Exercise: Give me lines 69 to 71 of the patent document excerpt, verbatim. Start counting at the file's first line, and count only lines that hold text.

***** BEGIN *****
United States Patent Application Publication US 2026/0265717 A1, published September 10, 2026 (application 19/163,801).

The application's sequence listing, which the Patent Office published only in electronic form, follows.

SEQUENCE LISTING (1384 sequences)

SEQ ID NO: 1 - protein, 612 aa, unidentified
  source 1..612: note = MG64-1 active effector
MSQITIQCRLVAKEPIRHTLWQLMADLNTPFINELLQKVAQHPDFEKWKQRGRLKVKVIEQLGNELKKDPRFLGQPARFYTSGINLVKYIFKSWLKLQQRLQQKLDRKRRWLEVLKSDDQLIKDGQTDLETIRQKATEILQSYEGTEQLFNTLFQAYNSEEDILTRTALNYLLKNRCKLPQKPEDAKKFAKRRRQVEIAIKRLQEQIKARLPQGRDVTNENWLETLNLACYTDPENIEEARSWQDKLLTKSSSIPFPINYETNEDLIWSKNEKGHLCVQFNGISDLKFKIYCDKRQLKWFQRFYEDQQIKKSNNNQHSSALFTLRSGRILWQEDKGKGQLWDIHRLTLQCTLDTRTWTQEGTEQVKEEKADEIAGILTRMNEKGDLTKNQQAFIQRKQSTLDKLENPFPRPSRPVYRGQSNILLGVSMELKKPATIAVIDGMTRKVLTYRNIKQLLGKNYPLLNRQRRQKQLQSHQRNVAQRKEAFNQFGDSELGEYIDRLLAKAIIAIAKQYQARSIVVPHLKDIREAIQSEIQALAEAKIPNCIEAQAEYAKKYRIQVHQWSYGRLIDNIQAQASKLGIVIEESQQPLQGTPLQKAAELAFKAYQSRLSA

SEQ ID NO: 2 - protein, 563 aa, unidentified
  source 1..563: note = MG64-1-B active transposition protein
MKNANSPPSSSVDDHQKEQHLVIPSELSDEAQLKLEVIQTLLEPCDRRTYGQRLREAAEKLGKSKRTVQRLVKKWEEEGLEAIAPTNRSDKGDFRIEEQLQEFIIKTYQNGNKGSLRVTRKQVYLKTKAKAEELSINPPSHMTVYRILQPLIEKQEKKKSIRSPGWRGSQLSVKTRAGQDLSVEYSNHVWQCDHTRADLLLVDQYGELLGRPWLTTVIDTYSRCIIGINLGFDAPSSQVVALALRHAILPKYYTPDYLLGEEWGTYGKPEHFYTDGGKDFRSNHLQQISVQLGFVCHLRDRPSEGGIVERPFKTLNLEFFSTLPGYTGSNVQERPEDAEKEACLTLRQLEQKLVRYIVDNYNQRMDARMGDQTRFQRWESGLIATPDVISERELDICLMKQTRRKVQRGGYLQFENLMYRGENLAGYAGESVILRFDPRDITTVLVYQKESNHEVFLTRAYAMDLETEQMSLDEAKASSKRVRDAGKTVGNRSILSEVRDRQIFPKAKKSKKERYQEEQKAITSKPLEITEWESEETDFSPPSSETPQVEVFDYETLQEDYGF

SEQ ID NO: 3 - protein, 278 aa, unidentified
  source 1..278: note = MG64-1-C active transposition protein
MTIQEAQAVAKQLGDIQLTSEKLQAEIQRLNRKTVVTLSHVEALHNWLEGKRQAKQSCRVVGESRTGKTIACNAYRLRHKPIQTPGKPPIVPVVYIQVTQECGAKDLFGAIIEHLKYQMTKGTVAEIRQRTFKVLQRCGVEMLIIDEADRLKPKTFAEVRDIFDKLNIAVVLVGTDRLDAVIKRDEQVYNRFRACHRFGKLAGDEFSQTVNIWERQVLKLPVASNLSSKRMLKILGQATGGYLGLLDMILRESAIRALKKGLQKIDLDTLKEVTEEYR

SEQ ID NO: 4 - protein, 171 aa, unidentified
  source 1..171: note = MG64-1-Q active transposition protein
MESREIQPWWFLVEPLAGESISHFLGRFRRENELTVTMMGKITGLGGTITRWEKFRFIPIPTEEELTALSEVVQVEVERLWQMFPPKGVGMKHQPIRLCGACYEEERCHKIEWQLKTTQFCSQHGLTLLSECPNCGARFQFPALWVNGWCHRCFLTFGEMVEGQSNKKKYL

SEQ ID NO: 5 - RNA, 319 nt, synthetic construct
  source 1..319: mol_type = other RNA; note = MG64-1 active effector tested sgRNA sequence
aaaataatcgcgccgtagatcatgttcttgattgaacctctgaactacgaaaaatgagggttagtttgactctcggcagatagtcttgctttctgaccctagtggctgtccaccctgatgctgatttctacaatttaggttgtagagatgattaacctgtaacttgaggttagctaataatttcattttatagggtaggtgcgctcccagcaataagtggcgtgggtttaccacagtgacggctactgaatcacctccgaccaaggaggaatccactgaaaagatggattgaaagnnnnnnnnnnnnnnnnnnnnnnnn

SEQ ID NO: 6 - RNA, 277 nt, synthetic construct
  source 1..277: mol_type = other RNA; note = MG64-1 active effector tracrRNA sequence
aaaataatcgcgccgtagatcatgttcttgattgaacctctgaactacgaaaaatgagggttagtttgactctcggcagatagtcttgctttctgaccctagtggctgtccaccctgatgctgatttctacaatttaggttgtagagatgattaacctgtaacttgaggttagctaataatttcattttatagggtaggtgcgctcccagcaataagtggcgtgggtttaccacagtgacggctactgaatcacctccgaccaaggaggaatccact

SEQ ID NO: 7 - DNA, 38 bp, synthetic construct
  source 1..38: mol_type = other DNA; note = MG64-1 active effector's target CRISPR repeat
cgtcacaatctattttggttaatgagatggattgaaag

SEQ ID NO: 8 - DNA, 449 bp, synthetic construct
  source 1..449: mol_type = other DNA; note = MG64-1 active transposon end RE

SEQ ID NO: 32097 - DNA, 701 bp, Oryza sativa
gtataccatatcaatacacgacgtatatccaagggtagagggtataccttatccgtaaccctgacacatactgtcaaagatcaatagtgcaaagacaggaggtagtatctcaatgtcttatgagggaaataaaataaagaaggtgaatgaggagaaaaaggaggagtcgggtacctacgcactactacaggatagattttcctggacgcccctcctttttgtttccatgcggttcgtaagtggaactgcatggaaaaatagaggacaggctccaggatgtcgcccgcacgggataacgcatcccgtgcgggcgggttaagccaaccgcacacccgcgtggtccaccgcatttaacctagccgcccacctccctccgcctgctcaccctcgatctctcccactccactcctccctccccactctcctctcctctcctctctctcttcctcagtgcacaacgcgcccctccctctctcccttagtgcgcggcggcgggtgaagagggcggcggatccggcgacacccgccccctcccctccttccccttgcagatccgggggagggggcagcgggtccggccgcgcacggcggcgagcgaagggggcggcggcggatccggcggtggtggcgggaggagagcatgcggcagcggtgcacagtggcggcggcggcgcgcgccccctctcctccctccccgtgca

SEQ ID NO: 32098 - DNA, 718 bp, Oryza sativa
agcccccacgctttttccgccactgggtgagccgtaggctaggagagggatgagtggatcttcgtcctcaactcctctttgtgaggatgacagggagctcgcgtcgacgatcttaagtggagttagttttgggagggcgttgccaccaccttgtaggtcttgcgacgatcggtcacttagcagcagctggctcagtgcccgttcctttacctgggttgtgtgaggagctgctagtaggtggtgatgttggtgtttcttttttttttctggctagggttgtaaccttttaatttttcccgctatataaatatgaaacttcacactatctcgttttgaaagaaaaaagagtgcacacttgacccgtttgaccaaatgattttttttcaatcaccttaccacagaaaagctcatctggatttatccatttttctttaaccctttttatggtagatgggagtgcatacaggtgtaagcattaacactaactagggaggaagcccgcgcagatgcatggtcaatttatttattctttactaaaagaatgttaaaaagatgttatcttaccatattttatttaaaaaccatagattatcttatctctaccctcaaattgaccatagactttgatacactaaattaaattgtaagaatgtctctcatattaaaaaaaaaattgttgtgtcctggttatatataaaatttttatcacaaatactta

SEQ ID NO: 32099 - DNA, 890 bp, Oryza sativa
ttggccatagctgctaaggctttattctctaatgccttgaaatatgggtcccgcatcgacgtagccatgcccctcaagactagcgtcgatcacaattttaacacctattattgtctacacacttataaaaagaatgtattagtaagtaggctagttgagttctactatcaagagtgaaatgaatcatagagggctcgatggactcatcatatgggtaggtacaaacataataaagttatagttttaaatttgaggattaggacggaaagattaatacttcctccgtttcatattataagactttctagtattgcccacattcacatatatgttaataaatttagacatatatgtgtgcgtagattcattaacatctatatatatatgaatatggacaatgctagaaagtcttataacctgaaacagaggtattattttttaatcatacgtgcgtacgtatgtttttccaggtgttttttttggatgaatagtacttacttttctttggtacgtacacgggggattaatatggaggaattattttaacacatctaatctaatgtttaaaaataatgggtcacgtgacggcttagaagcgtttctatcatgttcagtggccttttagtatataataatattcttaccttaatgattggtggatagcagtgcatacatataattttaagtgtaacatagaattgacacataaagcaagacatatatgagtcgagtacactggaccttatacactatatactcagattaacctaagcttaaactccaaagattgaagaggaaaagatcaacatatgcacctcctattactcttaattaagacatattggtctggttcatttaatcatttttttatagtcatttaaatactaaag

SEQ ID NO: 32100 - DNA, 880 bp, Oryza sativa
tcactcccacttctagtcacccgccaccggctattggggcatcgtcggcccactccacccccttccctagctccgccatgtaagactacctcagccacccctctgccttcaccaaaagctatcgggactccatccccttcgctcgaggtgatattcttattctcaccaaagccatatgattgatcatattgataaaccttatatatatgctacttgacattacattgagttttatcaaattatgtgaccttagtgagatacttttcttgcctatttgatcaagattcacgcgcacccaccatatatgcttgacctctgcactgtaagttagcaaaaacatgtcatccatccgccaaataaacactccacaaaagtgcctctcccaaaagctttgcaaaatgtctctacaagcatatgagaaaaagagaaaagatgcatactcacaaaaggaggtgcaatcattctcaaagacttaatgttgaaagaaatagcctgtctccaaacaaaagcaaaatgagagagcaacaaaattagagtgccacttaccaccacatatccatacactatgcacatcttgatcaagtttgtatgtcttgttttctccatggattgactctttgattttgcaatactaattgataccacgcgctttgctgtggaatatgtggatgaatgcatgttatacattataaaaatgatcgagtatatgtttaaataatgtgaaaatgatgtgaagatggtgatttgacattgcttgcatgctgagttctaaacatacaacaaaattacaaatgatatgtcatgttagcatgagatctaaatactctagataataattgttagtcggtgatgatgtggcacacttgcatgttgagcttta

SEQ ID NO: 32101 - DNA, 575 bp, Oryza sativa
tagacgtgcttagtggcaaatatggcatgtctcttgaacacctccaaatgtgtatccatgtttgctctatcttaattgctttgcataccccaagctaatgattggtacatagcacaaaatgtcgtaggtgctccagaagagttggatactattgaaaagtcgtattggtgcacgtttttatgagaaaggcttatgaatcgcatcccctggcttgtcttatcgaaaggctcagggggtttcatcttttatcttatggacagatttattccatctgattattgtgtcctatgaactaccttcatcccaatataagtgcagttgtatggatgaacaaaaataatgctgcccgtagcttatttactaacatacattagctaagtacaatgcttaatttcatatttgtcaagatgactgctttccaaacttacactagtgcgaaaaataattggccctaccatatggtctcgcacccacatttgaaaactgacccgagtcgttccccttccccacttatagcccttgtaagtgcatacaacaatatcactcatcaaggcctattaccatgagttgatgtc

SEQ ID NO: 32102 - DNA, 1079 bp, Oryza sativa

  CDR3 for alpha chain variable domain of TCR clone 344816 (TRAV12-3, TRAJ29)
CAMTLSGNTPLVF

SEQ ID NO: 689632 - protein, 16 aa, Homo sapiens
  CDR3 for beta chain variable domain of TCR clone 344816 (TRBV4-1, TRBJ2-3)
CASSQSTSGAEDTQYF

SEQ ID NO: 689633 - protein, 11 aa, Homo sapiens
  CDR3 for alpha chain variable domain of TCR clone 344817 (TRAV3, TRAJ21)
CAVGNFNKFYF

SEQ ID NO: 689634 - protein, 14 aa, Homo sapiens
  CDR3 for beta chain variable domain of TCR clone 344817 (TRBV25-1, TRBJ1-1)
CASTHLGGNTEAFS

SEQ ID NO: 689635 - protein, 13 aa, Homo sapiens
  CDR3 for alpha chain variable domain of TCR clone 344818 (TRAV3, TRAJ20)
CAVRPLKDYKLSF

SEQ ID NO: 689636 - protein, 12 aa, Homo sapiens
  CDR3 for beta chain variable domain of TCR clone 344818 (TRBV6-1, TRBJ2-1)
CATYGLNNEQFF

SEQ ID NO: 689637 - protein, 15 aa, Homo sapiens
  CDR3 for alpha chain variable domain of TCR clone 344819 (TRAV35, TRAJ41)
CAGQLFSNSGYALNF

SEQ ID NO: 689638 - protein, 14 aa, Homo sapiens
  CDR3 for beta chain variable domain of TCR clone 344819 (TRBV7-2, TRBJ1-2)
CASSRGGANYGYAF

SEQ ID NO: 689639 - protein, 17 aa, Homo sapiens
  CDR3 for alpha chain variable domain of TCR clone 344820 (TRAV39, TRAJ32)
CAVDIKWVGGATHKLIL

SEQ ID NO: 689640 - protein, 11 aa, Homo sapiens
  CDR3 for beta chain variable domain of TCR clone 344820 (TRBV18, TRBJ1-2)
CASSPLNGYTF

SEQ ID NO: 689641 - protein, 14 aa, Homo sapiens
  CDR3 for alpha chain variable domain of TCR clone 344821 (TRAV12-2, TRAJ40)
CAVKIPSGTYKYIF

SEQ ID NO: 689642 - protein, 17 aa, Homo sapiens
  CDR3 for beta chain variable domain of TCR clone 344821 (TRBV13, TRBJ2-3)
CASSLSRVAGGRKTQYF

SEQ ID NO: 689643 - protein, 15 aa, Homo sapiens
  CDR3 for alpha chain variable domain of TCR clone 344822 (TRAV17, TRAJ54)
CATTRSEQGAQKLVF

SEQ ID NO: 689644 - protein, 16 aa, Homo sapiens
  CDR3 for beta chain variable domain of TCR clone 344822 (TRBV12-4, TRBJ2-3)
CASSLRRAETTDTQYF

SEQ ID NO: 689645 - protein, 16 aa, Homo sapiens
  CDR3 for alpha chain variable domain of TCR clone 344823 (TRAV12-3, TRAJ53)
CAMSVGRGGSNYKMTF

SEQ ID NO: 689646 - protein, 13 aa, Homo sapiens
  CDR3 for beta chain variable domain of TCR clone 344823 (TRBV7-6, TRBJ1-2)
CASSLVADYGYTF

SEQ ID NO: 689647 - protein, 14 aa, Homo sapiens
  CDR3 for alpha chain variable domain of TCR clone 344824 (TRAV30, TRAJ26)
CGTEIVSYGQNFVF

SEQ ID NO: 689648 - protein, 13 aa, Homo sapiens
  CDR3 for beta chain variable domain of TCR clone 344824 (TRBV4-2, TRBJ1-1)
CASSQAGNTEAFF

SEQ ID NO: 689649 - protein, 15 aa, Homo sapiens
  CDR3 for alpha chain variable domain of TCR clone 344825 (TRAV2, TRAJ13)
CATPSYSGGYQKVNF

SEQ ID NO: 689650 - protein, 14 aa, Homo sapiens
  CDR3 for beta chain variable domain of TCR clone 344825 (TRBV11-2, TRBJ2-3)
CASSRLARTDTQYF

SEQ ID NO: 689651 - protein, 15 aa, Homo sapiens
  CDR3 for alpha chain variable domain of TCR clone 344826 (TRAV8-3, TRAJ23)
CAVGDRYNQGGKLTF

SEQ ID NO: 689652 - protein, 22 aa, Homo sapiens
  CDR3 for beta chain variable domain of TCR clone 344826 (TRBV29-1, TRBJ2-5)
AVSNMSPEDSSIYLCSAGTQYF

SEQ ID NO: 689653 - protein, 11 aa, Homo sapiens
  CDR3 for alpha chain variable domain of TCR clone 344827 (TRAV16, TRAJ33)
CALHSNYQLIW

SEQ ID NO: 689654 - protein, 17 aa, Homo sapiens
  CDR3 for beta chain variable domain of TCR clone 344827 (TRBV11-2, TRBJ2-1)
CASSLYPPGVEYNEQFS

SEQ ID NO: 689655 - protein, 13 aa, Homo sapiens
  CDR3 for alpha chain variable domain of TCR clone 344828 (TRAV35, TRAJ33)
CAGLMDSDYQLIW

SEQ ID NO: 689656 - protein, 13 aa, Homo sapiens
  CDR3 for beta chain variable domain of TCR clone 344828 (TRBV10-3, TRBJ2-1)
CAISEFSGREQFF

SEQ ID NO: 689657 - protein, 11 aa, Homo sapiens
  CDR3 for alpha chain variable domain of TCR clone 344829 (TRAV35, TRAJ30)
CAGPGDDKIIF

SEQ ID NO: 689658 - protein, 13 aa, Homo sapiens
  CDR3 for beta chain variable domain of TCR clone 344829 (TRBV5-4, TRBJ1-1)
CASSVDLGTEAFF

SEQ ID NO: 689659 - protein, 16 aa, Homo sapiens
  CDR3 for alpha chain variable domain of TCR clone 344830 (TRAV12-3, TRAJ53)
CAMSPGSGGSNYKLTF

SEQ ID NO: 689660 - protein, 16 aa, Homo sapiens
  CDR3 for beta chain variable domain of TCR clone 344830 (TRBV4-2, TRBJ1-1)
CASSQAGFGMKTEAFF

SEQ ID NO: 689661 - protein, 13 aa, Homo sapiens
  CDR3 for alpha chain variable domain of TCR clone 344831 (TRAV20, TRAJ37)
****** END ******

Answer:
CAVKIPSGTYKYIF

SEQ ID NO: 689642 - protein, 17 aa, Homo sapiens
  CDR3 for beta chain variable domain of TCR clone 344821 (TRBV13, TRBJ2-3)